One criticism repeated often in the Baltimore sessions was the paucity of exercises in open-source texts. Authors uniformly indicated that providing a carefully edited and complete set of exercises (including solutions) for their texts was the most demanding part of creating the text. For some texts at the pre-college and early college levels (algebra, pre-calculus, and calculus) the MAA's free and open-source WeBWorK on-line homework system can help to fill this gap.

A couple of years ago, I decided to give WeBWorK a try in my calculus II class. Since it's free (I'm a cheapskate at heart) and I have a few computer servers at my disposal, I downloaded the instructions for installing WeBWorK from their Get WeBWorK page. In particular, I had an Ubuntu 12.04 linux machine, so I downloaded step-by-step instructions for an Ubuntu 12.04 system. I will admit to having a fair amount of unix system administration experience, but if you're passingly familiar with unix, you can probably get through this in an hour or two. If you're not a unix person (and not a cheapskate) you can actually buy access to a WeBWorK server at a relatively low-cost.

Long story short, I set up my own server and proceeded to use WeBWorK to provide students with additional exercises. I taught out of Guichard's Calculus text (free, open-source). Guichard's text has a decent number of exercises, but WeBWorK had far more to choose from. In addition, WeBWorK provides instant feedback which students indicated they liked. Finally, with WeBWorK the instructor can closely monitor whether students are actually doing homework and whether they're doing it on time. (Can you tell I'm a fan?)

Back to the point of this post, open-source authors faced with the daunting task of creating exercises and solutions for their texts should consider pre-existing open-source repositories of exercises, like WeBWorK, to fill this gap. IMathAS is another open-source homework system for mathematics (but I haven't used it). If any of you know of other open-source collections of exercises for mathematics, please post references in the comments.

If any of you are teaching calculus I, II, or III out of Guichard's book, I have since created WeBWorK problem sets that correspond to nearly every section of the text. You can download the .def files for calculus I, calculus II, and calculus III. They may not perfectly fit your needs, but they certainly provide a good starting point for your problem sets.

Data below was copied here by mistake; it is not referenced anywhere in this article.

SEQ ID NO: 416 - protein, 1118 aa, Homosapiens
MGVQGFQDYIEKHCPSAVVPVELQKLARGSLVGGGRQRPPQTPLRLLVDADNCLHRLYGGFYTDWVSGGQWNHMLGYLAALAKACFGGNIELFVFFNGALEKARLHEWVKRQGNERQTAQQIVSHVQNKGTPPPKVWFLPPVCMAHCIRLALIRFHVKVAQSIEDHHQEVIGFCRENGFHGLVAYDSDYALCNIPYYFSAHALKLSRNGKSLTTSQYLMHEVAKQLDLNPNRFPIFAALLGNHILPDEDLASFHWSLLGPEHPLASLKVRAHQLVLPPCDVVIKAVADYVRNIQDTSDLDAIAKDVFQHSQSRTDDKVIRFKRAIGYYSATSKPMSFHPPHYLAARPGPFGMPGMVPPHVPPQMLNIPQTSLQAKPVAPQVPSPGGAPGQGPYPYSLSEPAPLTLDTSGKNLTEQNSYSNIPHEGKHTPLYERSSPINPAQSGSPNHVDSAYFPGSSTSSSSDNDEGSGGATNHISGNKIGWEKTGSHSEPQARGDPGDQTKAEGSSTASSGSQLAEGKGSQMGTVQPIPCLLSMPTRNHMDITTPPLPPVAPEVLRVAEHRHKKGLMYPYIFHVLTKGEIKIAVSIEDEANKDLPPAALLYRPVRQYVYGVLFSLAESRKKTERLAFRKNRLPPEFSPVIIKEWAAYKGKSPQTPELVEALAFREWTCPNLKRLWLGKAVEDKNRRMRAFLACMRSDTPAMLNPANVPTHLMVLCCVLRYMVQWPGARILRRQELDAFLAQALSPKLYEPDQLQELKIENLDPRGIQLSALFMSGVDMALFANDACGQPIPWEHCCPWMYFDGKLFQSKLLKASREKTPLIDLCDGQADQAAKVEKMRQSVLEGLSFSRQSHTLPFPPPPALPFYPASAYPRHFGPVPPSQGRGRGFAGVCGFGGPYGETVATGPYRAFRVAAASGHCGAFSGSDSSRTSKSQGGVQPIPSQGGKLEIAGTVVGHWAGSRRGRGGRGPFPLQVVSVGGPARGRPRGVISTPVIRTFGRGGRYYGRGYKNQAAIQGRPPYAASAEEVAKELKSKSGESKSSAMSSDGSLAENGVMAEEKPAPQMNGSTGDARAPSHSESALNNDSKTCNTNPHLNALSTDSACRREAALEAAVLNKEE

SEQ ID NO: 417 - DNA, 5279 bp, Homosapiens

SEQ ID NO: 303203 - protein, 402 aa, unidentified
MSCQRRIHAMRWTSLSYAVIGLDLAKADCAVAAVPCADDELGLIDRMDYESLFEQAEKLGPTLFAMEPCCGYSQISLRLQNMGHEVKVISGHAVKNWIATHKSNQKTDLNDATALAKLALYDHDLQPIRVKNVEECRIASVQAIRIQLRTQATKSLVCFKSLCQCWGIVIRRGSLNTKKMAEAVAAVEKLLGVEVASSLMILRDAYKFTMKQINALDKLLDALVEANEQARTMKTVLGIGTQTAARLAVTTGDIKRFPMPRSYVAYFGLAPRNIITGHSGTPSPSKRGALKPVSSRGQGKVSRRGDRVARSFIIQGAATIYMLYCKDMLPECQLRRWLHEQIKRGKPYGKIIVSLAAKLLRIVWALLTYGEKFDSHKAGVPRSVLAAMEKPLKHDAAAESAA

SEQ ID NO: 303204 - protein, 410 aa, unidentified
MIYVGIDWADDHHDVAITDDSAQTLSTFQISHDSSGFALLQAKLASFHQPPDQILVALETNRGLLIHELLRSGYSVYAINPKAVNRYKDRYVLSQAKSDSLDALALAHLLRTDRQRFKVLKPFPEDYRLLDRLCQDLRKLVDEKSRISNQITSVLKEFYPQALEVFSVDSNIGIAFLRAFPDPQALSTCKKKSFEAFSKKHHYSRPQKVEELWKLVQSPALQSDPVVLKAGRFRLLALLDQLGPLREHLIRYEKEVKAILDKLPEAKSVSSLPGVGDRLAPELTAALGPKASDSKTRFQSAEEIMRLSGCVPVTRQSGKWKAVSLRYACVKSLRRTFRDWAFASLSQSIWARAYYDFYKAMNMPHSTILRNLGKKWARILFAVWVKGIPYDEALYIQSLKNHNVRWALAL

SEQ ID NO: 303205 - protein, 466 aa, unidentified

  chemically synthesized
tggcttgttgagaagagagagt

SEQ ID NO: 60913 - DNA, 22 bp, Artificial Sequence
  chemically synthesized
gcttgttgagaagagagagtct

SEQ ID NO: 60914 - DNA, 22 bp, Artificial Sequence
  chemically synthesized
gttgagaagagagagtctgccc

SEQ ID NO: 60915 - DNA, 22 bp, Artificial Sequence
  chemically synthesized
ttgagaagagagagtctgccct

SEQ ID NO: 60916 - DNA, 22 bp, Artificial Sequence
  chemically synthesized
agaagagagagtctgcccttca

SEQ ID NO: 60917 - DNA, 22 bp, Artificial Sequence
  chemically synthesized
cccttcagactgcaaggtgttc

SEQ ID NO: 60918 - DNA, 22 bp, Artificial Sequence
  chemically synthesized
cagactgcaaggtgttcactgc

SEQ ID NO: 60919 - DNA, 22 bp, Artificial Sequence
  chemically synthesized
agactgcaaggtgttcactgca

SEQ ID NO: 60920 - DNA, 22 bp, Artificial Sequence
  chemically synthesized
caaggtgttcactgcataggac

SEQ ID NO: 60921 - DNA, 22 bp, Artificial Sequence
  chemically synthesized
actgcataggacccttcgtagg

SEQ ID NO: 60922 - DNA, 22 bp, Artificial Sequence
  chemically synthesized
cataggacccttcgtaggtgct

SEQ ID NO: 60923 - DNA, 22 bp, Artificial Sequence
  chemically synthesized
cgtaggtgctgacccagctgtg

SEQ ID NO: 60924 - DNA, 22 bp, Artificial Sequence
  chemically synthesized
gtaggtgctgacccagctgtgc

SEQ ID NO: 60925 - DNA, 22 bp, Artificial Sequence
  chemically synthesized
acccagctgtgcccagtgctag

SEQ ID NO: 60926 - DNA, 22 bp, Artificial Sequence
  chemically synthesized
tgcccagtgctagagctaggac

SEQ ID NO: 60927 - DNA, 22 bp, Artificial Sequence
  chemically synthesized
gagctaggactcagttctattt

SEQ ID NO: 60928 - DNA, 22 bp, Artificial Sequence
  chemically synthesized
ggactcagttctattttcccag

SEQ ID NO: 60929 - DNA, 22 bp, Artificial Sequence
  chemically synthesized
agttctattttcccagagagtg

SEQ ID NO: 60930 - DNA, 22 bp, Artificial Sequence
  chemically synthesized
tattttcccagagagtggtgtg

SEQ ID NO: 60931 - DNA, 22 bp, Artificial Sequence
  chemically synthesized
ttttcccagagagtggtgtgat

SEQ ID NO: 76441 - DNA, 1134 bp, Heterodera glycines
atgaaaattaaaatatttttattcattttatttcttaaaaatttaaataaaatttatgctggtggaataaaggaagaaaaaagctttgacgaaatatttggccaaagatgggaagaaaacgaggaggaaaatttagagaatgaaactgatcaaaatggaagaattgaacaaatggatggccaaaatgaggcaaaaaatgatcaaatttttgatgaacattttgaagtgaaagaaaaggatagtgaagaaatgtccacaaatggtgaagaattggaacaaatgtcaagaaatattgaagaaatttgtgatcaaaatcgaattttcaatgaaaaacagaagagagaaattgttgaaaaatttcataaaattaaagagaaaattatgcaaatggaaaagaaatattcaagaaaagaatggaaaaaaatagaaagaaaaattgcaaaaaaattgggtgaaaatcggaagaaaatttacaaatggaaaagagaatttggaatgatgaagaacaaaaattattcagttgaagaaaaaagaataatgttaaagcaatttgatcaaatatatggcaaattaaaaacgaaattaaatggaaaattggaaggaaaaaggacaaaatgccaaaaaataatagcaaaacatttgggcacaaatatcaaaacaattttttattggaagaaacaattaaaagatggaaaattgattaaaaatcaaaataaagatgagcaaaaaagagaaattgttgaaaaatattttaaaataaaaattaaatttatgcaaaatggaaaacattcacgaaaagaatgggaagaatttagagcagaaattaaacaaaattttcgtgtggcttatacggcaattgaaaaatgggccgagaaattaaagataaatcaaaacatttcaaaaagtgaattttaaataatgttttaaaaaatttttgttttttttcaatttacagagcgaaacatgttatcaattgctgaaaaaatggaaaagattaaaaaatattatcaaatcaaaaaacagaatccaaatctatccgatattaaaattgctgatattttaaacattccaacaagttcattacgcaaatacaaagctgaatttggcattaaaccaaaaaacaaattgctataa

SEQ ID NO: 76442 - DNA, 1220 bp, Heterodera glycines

For those interested, there is a free-to-use install of IMathAS at MyOpenMath.com focused on providing exercise sets aligned to open textbooks. Our emphasis so far has been community college pre calculus courses, but we recently added a course based on Dale Hoffman's open calculus text, and the questions can of course be used with any open text. Our question library extends beyond what you'll see in the preassembled exercise sets, though it is not as extensive as WebWork's for calculus (but is more extensive for pre-calculus topics). If you want to try it out, you can log in at MyOpenMath.com with username guest (no password).

ReplyDeleteMy colleagues and I have selected some sets of WeBWorK exercises to go with my free, open source Active Calculus text. Anyone interested can simply request the .def files and I'm glad to share them. (These exercise sets were not written from scratch by us, but rather were chosen from among the many excellent existing WeBWorK exercises for calculus.) You can learn more at http://opencalculus.wordpress.com or http://faculty.gvsu.edu/boelkinm/.

ReplyDeleteTo anyone interested in community college level basic math and basic algebra, we donated about 2000 problems by now to WeBWorK's Open Problem Library. They are not yet part of the main OPL; they reside in the Contrib folder. The curators have not had time to go through our problems yet (nor have we tagged them very well.) You can access them by following http://webwork.maa.org/moodle/mod/forum/discuss.php?d=3320

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